Have you ever wanted to spend more time in the great outdoors? Have you ever wanted to lead a more sustainable business? If so, starting a farming business might be right for you. Whether dealing in livestock or horticulture, you will be able to both make money and live the life that you may have always wanted.
Still, before you start looking for farm property, you should consider the pros and cons. You see, while a farm business might be your path to the good life, it might also cause you more headaches than you ever imagined.
You will meet consumer demand. When thinking about creating something for the consumer market, you can’t go far wrong with a farm business. From dairy to meat products, as well as fruit, vegetables, and herbs, there will always be consumer demand for what you have to offer. As with any business, you do need to price things correctly to stand in line with the competition, and you do need to market your business, but provided you do both those things, you should have a regular income coming in.
You can diversify your business. As suggested above, you don’t need to stick to one area of farming. Not only can you grow crops and raise cattle for financial means, but you might also use part of your farmland for public access, perhaps with a petting zoo or a bed and breakfast on-site to generate further income. The land is yours to do what you want with it, so consider the range of moneymaking opportunities at your disposal.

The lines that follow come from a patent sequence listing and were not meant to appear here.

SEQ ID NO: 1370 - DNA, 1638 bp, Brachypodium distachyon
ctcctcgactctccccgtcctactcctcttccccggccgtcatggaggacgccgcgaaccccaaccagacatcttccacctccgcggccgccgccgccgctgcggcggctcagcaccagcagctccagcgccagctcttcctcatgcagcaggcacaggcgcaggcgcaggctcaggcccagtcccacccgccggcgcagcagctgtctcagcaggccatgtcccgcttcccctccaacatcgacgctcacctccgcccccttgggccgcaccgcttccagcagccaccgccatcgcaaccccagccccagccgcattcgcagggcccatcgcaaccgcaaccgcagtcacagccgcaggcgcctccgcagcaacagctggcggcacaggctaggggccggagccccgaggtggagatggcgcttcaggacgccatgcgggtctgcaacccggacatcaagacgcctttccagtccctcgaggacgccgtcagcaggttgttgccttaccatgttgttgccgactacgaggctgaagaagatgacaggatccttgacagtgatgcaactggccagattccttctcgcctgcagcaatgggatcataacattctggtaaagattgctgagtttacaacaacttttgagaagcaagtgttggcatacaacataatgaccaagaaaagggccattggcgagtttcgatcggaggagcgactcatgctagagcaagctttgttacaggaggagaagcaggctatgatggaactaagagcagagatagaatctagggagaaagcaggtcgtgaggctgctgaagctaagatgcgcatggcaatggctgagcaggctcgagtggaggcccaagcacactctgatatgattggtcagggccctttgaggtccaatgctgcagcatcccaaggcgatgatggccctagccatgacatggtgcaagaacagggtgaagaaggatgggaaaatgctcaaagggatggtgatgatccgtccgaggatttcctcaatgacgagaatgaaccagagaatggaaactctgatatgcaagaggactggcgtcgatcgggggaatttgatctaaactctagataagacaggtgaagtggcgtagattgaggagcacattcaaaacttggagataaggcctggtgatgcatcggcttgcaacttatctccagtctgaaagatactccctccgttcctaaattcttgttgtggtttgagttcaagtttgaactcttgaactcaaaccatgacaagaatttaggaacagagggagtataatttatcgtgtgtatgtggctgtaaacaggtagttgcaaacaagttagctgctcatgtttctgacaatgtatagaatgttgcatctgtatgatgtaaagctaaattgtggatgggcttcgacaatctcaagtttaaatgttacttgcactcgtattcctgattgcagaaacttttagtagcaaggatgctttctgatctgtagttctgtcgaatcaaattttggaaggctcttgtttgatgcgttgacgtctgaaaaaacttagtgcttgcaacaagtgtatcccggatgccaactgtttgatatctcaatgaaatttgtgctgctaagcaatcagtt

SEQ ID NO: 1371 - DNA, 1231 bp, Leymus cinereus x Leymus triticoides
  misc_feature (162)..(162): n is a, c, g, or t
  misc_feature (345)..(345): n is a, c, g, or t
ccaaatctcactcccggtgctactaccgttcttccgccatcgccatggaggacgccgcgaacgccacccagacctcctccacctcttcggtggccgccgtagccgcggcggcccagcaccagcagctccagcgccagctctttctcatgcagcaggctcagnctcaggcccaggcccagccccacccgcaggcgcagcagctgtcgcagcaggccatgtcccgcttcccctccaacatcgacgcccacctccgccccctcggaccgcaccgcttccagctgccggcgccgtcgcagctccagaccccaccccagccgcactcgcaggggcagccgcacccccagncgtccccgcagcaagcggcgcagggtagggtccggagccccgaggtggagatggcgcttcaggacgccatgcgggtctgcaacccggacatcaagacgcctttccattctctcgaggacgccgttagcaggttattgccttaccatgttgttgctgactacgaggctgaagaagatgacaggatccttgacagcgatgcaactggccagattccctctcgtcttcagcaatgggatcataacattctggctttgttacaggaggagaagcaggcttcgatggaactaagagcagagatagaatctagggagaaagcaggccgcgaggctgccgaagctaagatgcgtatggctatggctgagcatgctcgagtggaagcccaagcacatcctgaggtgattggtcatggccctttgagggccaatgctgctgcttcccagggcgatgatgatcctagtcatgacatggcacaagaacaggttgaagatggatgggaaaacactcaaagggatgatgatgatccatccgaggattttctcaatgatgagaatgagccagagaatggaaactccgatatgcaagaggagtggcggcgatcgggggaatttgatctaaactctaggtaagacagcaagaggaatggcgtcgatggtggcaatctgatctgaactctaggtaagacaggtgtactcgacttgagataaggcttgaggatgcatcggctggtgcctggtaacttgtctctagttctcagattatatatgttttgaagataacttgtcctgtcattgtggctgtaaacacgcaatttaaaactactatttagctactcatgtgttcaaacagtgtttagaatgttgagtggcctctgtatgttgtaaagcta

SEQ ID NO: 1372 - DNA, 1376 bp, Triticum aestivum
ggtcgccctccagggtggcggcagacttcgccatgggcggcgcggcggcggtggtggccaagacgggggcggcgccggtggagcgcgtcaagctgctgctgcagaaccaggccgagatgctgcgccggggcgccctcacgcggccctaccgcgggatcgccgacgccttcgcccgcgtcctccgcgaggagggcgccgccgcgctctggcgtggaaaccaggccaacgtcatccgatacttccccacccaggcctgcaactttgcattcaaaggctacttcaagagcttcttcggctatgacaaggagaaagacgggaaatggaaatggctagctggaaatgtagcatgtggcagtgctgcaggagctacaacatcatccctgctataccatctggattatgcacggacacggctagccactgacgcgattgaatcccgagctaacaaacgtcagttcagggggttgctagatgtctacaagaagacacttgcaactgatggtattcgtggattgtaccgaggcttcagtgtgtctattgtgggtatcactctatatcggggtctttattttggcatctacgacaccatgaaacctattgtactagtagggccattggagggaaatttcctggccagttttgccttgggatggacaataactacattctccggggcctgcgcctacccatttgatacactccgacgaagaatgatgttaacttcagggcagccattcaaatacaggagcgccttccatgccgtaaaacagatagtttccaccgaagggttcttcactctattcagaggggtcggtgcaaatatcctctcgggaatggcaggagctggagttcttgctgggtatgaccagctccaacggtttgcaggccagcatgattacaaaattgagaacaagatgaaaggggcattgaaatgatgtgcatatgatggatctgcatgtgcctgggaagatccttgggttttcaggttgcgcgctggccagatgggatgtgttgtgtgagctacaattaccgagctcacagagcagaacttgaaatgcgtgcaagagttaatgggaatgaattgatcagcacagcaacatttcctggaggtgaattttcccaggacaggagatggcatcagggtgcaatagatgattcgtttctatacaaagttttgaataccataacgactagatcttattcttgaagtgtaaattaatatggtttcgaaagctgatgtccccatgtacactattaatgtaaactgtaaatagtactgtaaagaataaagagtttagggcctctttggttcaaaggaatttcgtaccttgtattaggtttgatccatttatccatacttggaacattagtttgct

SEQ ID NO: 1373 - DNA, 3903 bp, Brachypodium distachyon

You will feel the benefits. Not only are there financial benefits to farming, but also there are other, perhaps less tangible benefits too. There is a sense of achievement when your hard work bears fruit (perhaps literally), and there is satisfaction in knowing that you are giving something back to the environment. There are also the expected health benefits from being in the great outdoors, so this is one business that is both good for your body and mind.
The harsh weather, for starters, you will have to work in all kinds of weather conditions, so while you may complain about working in the office all day, you might rethink your ideal working environment when battling with the elements at 05h00 in the morning!
And you need to get on top of your fencing, securing it so as not to lose cattle should the weather make light work of your defences.
It’s hard work. Don’t expect an easy time of things. Farmers work up to 12 hours a day at a minimum, and this includes early morning starts and late night checks. There are no days off, as you need to care for both cattle and crops, and there is the physical labour to consider, so you will need to be both physically and mentally strong. Of course, this is where hired help comes in, so if you are considering farming as a business, you might want to consider the hiring process. Many hands make light work, after all!
So, do you think you have what it takes to start a farming business? The choice remains yours.